Community Ecology of Stream Fishes: Concepts, Approaches, and Techniques

Preface: When and Where Do Fish Have Strong Effects on Stream Ecosystem Processes?

Michael J. Vanni

doi: https://doi.org/10.47886/9781934874141.ch26

The notion that fishes, or for that matter animals in general, can have strong effects on stream ecosystems is a relatively new idea. This is evident when comparing the composition of this volume with that of the Matthews and Heins (1987) book. The latter contains only two chapters explicitly focused on how fish affect other biota, and the effects of fish on bona fide “ecosystem processes” (e.g., primary production, nutrient cycling) were discussed in only one of these chapters (Matthews et al. 1987). In contrast, this volume has an entire section, consisting of four chapters, focused on the importance of fishes in stream ecosystems.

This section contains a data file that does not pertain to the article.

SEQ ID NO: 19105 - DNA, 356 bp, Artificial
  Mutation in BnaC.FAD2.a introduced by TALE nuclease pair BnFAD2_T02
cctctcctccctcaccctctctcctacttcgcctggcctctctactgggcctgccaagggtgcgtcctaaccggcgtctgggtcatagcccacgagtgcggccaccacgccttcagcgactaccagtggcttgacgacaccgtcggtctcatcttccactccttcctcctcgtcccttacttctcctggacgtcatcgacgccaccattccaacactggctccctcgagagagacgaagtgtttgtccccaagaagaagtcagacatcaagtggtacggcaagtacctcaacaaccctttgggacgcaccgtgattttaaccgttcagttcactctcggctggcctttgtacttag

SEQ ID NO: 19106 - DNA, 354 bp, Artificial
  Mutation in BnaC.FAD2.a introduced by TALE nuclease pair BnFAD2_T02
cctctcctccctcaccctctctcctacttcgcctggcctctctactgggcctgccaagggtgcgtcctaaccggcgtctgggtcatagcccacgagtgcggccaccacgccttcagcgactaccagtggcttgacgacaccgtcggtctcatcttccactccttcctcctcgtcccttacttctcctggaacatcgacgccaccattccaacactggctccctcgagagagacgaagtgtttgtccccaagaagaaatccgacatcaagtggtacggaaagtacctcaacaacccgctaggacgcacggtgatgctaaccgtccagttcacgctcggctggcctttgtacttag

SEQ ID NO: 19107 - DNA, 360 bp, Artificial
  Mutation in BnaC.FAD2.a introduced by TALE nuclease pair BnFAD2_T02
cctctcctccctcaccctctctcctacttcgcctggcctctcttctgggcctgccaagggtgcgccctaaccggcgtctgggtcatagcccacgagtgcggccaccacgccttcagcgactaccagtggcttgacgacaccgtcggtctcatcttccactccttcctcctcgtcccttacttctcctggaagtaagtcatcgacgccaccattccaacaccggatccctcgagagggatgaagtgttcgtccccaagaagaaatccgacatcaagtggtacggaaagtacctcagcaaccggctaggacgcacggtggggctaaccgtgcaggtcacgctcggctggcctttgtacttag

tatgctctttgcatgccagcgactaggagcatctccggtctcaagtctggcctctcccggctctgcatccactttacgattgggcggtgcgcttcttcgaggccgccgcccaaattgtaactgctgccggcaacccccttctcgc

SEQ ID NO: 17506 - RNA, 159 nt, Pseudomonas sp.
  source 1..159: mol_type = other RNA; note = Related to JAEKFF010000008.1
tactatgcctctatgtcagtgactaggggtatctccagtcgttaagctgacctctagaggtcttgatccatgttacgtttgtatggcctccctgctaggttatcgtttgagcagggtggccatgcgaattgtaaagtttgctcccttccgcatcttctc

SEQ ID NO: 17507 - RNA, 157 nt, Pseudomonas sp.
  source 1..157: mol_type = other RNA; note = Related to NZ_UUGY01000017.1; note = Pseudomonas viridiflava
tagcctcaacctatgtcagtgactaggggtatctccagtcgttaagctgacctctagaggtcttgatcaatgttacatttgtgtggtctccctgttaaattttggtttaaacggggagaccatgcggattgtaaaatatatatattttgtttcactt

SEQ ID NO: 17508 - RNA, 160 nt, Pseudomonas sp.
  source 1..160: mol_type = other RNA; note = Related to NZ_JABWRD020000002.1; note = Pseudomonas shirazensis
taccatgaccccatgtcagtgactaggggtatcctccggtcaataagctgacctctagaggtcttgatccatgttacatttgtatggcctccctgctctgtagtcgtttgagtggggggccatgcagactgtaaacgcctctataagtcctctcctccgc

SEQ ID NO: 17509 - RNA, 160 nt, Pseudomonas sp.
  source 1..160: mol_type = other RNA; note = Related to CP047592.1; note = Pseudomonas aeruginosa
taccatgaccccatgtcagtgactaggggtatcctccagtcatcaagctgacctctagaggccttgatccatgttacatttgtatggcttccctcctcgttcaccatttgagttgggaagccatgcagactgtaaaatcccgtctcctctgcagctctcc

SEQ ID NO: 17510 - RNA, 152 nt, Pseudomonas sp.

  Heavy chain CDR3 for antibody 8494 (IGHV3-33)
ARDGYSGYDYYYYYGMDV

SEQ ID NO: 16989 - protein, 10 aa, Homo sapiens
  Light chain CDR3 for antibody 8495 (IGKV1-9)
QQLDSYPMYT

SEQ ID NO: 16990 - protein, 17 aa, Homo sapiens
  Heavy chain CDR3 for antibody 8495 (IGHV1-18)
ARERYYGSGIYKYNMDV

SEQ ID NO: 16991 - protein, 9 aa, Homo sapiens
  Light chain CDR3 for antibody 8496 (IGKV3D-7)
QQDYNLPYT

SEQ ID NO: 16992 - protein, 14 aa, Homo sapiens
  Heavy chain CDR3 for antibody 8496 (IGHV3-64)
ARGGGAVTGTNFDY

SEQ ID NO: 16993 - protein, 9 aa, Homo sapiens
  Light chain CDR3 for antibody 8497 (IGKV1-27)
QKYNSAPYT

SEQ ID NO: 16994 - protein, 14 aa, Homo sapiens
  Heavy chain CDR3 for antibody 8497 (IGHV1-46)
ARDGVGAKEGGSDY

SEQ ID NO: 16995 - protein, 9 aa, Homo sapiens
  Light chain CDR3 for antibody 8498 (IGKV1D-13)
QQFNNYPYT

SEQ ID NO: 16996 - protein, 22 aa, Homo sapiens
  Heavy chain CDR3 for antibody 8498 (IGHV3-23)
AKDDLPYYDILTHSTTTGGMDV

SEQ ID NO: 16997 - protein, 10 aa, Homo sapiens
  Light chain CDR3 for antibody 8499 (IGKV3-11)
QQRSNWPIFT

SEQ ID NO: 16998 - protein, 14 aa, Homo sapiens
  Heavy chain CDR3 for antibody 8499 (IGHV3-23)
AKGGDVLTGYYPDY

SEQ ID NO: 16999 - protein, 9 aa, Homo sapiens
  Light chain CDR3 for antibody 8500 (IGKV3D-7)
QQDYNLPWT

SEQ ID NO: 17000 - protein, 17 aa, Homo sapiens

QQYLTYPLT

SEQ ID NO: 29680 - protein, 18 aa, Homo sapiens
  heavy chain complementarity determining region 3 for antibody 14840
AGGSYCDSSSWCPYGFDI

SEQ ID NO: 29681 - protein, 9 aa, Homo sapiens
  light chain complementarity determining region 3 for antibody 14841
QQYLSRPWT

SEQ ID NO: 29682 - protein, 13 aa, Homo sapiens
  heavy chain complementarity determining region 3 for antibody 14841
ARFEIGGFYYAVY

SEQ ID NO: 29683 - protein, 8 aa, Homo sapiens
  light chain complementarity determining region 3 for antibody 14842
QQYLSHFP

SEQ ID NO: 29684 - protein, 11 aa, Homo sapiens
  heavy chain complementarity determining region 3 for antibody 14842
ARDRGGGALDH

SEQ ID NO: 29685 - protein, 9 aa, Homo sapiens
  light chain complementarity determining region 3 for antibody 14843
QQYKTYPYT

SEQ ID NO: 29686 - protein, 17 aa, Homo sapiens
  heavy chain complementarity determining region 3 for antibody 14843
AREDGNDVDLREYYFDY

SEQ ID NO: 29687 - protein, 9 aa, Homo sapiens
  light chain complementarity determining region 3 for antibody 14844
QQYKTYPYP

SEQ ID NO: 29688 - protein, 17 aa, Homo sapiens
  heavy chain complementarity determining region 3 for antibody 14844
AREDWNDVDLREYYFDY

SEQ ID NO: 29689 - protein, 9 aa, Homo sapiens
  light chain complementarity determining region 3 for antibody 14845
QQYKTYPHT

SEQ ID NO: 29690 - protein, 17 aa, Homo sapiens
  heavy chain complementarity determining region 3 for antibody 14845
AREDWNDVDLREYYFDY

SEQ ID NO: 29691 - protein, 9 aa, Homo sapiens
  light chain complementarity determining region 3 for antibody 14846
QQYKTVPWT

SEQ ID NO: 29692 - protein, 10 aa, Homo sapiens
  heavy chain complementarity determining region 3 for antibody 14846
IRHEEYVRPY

The evolution of the idea that fish can be important at the ecosystem scale is also mirrored in trends in general stream ecology books over the past several decades. The Hynes (1970) classic text on stream ecology contains no mention of the idea that fishes can mediate stream ecosystem processes; interspecific competition is the only biotic interaction involving fish that is discussed. More generally, there is essentially no discussion of community- or ecosystem-level impacts of predation by fish or other animals. There is also very little discussion of nutrient cycling, whether by fish or other animals, or of biotic regulation of nutrients in general. In essence, the prevailing idea was that the influence of physical factors, namely flow regime, overwhelmed biotic interactions in structuring communities and regulating ecosystem processes. In contrast, Allan and Castillo’s (2007) book on stream ecology has two entire chapters dedicated to species interactions and communities (plus a chapter on energy flow through food webs), and these include sections on community-level effects of grazers and predators, trophic cascades, and food web interactions. Additionally, Allan and Castillo’s (2007) chapter on nutrient dynamics includes a significant section on consumer (animal) effects on nutrient dynamics.